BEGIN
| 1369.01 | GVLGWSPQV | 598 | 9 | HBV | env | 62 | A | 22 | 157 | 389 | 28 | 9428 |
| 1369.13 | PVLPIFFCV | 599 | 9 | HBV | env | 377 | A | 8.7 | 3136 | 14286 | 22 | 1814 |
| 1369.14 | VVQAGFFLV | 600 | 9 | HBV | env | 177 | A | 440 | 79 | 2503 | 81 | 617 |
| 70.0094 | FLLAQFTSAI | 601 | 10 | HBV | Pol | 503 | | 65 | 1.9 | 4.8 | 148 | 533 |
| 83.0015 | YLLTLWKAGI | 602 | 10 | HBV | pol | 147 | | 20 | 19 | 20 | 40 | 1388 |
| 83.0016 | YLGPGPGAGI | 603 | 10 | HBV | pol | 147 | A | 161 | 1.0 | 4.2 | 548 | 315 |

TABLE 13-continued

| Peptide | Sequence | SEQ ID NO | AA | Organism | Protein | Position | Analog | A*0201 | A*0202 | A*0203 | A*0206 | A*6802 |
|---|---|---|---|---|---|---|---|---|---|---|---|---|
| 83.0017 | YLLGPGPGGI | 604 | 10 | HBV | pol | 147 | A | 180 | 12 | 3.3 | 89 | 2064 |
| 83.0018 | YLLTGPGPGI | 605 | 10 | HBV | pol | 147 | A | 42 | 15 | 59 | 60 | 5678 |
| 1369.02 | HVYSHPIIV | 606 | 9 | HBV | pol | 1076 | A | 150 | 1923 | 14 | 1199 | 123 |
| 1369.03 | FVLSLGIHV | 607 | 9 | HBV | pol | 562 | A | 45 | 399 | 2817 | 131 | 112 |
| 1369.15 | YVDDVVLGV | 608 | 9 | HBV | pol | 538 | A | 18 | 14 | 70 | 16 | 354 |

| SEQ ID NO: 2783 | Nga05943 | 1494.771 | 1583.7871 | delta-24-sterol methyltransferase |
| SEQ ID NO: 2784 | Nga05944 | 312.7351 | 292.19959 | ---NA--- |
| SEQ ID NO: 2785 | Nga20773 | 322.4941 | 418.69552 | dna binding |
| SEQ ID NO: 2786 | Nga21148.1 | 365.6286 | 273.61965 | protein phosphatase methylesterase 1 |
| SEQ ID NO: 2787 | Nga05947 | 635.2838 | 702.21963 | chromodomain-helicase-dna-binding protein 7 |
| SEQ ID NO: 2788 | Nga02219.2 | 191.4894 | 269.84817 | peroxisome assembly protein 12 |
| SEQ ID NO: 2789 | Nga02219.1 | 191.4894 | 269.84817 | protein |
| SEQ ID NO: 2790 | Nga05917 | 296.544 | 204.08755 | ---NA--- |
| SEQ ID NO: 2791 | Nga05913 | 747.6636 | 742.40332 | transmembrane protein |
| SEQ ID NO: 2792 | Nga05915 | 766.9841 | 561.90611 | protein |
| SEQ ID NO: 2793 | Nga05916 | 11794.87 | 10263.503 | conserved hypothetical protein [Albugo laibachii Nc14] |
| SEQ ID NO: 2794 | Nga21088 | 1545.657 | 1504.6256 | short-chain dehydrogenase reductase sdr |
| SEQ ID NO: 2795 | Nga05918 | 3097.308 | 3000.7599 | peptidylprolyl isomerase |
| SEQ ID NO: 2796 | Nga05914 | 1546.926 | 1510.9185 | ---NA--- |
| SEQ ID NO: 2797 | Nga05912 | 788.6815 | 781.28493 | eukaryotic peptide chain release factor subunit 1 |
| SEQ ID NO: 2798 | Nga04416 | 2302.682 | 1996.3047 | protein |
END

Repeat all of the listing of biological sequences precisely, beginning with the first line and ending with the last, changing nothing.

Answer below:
| 1369.01 | GVLGWSPQV | 598 | 9 | HBV | env | 62 | A | 22 | 157 | 389 | 28 | 9428 |
| 1369.13 | PVLPIFFCV | 599 | 9 | HBV | env | 377 | A | 8.7 | 3136 | 14286 | 22 | 1814 |
| 1369.14 | VVQAGFFLV | 600 | 9 | HBV | env | 177 | A | 440 | 79 | 2503 | 81 | 617 |
| 70.0094 | FLLAQFTSAI | 601 | 10 | HBV | Pol | 503 | | 65 | 1.9 | 4.8 | 148 | 533 |
| 83.0015 | YLLTLWKAGI | 602 | 10 | HBV | pol | 147 | | 20 | 19 | 20 | 40 | 1388 |
| 83.0016 | YLGPGPGAGI | 603 | 10 | HBV | pol | 147 | A | 161 | 1.0 | 4.2 | 548 | 315 |

TABLE 13-continued

| Peptide | Sequence | SEQ ID NO | AA | Organism | Protein | Position | Analog | A*0201 | A*0202 | A*0203 | A*0206 | A*6802 |
|---|---|---|---|---|---|---|---|---|---|---|---|---|
| 83.0017 | YLLGPGPGGI | 604 | 10 | HBV | pol | 147 | A | 180 | 12 | 3.3 | 89 | 2064 |
| 83.0018 | YLLTGPGPGI | 605 | 10 | HBV | pol | 147 | A | 42 | 15 | 59 | 60 | 5678 |
| 1369.02 | HVYSHPIIV | 606 | 9 | HBV | pol | 1076 | A | 150 | 1923 | 14 | 1199 | 123 |
| 1369.03 | FVLSLGIHV | 607 | 9 | HBV | pol | 562 | A | 45 | 399 | 2817 | 131 | 112 |
| 1369.15 | YVDDVVLGV | 608 | 9 | HBV | pol | 538 | A | 18 | 14 | 70 | 16 | 354 |

| SEQ ID NO: 2783 | Nga05943 | 1494.771 | 1583.7871 | delta-24-sterol methyltransferase |
| SEQ ID NO: 2784 | Nga05944 | 312.7351 | 292.19959 | ---NA--- |
| SEQ ID NO: 2785 | Nga20773 | 322.4941 | 418.69552 | dna binding |
| SEQ ID NO: 2786 | Nga21148.1 | 365.6286 | 273.61965 | protein phosphatase methylesterase 1 |
| SEQ ID NO: 2787 | Nga05947 | 635.2838 | 702.21963 | chromodomain-helicase-dna-binding protein 7 |
| SEQ ID NO: 2788 | Nga02219.2 | 191.4894 | 269.84817 | peroxisome assembly protein 12 |
| SEQ ID NO: 2789 | Nga02219.1 | 191.4894 | 269.84817 | protein |
| SEQ ID NO: 2790 | Nga05917 | 296.544 | 204.08755 | ---NA--- |
| SEQ ID NO: 2791 | Nga05913 | 747.6636 | 742.40332 | transmembrane protein |
| SEQ ID NO: 2792 | Nga05915 | 766.9841 | 561.90611 | protein |
| SEQ ID NO: 2793 | Nga05916 | 11794.87 | 10263.503 | conserved hypothetical protein [Albugo laibachii Nc14] |
| SEQ ID NO: 2794 | Nga21088 | 1545.657 | 1504.6256 | short-chain dehydrogenase reductase sdr |
| SEQ ID NO: 2795 | Nga05918 | 3097.308 | 3000.7599 | peptidylprolyl isomerase |
| SEQ ID NO: 2796 | Nga05914 | 1546.926 | 1510.9185 | ---NA--- |
| SEQ ID NO: 2797 | Nga05912 | 788.6815 | 781.28493 | eukaryotic peptide chain release factor subunit 1 |
| SEQ ID NO: 2798 | Nga04416 | 2302.682 | 1996.3047 | protein |